“Through spontaneity we are re-formed into ourselves.” –Viola Spolin
The word “improv” has become a shorthand to refer to comedy improv, but few people know that the inventor of improvisation was a woman named Viola Spolin. Funnily enough, her focus was not on comedy. Her technique was designed to release the full artist through the power of play, connecting them to their intuition and the people around them.
Influenced by social work. In the 1920s, Spolin trained with Neva Boyd, a social worker who worked with children at Chicago’s Hull House, a settlement house for immigrants. The children spoke a variety of languages and were new to the community, but through non-competitive games and play they learned to communicate. They also built empathy, socialization skills, and confidence.
Steeped in the progressive education movement. Spolin’s approach is built on the theory that we learn by doing. Combining her theatrical background with Boyd’s children’s games, she created a technique to teach actors the aspects of their craft through playful experience rather than lecture or dogma. She invented over 300 games, each with a specific focus and problem that the group must work together to solve. The side-coach (instead of “teacher”) refocuses players when they get off track. Each player learns from their own experience, instead of getting lost in what Viola calls “The Approval/Disapproval Syndrome.”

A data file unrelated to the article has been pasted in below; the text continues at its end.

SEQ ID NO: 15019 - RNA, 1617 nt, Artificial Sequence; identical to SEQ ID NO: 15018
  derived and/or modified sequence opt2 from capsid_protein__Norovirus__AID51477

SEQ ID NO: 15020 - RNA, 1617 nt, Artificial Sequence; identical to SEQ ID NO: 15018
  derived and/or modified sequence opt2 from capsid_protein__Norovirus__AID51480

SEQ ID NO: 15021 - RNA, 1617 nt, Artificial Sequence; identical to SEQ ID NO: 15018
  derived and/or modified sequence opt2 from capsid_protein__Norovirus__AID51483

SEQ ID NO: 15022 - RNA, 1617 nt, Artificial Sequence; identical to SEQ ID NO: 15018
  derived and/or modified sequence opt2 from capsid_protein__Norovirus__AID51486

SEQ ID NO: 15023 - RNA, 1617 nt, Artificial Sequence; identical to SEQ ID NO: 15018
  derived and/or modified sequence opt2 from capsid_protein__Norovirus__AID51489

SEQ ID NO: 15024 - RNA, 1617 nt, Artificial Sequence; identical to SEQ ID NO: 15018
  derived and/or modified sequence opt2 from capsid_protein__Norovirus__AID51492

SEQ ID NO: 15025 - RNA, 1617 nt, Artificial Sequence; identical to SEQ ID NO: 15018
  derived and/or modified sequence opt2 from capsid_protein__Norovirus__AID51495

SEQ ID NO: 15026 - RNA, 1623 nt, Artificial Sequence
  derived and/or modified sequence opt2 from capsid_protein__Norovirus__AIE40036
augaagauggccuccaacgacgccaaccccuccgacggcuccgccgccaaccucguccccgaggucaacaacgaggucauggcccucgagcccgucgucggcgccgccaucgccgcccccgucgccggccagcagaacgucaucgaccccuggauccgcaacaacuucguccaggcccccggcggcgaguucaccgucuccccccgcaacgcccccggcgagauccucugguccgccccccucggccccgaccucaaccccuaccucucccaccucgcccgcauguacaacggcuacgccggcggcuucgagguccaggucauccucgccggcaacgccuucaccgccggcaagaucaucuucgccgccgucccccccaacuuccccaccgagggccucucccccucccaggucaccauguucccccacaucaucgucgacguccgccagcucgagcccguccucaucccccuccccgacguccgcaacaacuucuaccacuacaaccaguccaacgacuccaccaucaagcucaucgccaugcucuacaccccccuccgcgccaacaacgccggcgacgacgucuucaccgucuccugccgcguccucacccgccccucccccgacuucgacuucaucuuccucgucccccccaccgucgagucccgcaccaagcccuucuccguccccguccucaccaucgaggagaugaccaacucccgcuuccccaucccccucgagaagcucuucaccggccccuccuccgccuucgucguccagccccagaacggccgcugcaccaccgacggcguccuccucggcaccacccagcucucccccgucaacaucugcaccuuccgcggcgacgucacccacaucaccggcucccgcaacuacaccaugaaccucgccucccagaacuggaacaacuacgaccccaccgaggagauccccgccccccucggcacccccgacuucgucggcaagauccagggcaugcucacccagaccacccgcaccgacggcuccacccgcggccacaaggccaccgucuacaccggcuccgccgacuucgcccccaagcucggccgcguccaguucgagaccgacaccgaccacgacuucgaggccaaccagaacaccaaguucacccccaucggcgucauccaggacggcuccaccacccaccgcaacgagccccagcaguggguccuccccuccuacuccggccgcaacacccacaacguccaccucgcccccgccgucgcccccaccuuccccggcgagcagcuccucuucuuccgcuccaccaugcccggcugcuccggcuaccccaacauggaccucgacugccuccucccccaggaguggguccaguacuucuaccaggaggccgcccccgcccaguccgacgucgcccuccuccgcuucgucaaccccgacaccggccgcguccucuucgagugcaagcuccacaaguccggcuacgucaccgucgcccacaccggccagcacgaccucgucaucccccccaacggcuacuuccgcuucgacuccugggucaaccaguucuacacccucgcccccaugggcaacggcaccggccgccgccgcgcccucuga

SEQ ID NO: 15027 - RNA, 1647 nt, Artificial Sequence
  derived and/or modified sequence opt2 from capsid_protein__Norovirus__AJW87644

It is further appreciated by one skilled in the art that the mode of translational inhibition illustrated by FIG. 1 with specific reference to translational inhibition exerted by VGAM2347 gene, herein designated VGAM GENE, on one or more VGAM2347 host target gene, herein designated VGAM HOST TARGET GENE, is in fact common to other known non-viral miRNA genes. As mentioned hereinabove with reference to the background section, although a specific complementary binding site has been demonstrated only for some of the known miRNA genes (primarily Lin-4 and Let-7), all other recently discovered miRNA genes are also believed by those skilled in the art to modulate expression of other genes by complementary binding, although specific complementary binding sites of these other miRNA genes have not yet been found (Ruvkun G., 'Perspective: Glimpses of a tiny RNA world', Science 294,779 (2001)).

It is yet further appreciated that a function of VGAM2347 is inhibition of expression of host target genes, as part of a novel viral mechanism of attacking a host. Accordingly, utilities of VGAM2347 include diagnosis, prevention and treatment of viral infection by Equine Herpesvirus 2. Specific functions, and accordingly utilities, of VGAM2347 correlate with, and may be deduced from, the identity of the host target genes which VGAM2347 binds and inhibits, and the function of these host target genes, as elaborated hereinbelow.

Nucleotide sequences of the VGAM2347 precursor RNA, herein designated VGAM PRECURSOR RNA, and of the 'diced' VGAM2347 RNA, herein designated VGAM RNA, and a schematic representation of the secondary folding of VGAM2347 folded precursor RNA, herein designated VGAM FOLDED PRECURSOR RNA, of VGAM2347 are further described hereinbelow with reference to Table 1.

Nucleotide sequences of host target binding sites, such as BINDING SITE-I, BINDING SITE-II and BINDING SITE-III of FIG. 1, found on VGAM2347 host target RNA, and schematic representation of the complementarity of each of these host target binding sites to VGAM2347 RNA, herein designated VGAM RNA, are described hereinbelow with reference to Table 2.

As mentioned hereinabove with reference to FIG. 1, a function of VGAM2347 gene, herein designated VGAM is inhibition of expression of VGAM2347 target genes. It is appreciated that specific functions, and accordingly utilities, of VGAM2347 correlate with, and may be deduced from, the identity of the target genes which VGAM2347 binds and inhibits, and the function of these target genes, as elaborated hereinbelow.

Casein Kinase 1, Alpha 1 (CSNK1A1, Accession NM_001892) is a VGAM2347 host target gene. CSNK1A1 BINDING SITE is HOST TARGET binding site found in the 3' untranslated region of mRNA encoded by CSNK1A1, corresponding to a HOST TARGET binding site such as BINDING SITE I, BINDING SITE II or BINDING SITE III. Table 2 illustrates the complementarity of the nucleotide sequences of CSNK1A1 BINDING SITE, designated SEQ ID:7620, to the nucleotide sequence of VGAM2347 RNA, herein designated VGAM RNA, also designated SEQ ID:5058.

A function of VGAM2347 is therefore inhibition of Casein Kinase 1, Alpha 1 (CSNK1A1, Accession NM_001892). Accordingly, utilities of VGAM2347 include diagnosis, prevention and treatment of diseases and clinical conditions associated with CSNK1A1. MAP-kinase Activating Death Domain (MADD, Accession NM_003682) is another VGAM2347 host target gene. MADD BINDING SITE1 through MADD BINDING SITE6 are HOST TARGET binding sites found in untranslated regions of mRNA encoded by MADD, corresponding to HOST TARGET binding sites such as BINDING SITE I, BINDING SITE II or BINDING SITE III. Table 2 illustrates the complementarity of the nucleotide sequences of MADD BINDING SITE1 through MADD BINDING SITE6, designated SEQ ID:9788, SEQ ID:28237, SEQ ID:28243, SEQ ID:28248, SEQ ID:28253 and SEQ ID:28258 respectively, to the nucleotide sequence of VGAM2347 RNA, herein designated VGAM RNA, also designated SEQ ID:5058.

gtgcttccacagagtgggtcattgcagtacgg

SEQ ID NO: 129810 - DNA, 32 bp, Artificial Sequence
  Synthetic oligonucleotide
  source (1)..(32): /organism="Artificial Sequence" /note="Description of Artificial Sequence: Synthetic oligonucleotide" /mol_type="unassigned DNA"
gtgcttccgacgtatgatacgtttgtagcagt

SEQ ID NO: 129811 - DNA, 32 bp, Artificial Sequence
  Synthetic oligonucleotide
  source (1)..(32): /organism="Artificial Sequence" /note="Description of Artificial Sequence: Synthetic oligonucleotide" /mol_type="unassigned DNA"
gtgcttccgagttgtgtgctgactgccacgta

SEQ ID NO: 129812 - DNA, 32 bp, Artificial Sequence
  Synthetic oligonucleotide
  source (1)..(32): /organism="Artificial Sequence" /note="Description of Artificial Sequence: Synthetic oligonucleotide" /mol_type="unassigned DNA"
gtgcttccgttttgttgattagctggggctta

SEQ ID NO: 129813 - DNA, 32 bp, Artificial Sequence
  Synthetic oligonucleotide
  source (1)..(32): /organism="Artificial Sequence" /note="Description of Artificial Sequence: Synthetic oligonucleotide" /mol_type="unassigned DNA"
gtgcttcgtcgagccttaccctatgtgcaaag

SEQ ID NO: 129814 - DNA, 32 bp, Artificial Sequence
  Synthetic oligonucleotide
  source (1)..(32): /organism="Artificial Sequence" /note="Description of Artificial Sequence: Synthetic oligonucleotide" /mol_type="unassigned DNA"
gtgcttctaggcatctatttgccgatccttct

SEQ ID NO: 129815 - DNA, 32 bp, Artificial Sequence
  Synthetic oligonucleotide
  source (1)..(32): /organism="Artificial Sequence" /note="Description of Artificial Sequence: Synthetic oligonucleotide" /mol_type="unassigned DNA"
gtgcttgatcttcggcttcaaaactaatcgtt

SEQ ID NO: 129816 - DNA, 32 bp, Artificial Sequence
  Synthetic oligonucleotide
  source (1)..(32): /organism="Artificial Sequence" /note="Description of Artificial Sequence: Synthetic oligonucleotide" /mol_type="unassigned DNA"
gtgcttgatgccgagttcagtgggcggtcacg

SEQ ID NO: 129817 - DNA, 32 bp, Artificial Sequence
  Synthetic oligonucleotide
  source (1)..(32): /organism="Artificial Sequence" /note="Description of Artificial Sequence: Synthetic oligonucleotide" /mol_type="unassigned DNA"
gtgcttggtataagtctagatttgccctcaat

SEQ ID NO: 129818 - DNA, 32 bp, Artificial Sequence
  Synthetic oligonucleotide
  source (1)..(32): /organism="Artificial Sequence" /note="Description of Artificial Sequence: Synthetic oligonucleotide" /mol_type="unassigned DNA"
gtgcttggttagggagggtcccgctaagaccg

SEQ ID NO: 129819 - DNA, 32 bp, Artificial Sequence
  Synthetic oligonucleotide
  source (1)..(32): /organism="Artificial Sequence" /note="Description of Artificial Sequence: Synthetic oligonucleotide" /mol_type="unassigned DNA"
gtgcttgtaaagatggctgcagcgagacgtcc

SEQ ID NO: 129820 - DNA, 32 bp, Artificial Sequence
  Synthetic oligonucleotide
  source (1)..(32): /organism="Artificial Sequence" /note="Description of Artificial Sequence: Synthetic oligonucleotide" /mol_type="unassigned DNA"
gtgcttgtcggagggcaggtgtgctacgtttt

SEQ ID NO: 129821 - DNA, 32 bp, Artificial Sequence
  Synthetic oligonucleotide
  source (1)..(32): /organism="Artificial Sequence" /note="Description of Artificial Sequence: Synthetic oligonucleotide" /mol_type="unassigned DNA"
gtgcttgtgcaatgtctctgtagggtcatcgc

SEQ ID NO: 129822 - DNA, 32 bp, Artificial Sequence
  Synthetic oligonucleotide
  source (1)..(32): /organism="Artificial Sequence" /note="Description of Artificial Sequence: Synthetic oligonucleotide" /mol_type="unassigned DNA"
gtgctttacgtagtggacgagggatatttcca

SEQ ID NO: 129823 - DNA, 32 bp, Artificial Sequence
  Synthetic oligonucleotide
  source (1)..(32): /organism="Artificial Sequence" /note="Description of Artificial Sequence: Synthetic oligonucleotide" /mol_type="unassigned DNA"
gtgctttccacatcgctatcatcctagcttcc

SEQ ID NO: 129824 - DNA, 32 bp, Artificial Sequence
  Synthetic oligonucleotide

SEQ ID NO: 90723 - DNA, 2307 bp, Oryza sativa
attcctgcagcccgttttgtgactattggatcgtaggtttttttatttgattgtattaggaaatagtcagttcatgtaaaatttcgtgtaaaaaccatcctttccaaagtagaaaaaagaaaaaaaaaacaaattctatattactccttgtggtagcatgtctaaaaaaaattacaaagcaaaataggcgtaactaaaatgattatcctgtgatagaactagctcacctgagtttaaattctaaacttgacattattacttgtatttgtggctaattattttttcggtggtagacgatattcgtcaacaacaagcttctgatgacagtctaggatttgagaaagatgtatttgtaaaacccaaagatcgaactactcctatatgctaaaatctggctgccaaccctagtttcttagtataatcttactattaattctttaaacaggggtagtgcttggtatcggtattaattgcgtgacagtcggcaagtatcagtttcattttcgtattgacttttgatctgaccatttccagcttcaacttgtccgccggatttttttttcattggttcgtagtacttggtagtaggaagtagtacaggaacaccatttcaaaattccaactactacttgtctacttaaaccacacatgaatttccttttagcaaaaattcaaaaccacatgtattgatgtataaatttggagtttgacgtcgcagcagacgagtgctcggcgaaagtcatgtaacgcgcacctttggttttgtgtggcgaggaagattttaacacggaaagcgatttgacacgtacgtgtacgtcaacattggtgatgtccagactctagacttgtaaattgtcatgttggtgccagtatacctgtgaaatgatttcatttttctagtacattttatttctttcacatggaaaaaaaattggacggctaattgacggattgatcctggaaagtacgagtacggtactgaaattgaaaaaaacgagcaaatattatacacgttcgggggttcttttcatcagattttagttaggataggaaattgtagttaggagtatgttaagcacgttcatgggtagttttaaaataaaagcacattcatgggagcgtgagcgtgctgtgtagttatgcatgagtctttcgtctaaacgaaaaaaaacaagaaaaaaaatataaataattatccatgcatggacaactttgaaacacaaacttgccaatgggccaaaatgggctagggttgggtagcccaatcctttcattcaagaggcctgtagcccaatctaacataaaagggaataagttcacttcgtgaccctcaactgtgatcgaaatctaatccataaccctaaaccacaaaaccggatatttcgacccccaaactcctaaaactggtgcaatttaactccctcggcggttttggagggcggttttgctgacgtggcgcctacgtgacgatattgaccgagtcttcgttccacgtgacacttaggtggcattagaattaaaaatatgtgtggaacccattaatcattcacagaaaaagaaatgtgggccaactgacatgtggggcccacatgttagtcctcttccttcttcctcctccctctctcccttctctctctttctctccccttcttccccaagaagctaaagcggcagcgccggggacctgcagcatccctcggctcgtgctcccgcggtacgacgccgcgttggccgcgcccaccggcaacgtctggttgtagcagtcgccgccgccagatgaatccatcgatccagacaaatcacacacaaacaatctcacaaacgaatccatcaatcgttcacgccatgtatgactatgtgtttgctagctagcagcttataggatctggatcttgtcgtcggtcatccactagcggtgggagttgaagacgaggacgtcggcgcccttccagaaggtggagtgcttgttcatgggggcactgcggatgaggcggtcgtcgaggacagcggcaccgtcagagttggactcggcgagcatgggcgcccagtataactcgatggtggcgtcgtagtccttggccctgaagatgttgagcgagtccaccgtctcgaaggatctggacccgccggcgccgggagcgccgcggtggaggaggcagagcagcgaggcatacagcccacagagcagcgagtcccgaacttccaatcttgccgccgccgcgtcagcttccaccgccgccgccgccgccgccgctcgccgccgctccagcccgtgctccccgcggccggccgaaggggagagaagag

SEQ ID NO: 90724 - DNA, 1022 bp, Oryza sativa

Revolutionary approach to actor training. Spolin’s work excites me because it departs from most traditional acting techniques. As a trained side-coach, I have seen actors in my Viola Spolin workshops leave societal/personal limitations behind to let their full creative selves come into being.
When you truly play, you are free. And this may be the biggest reason my work is so influenced by Spolin: whether you are improvising or doing a scripted scene, actors who are playing are, by definition, open to creatively respond to whatever happens, scripted or not.
To continue your history lesson with Part II, please click here.
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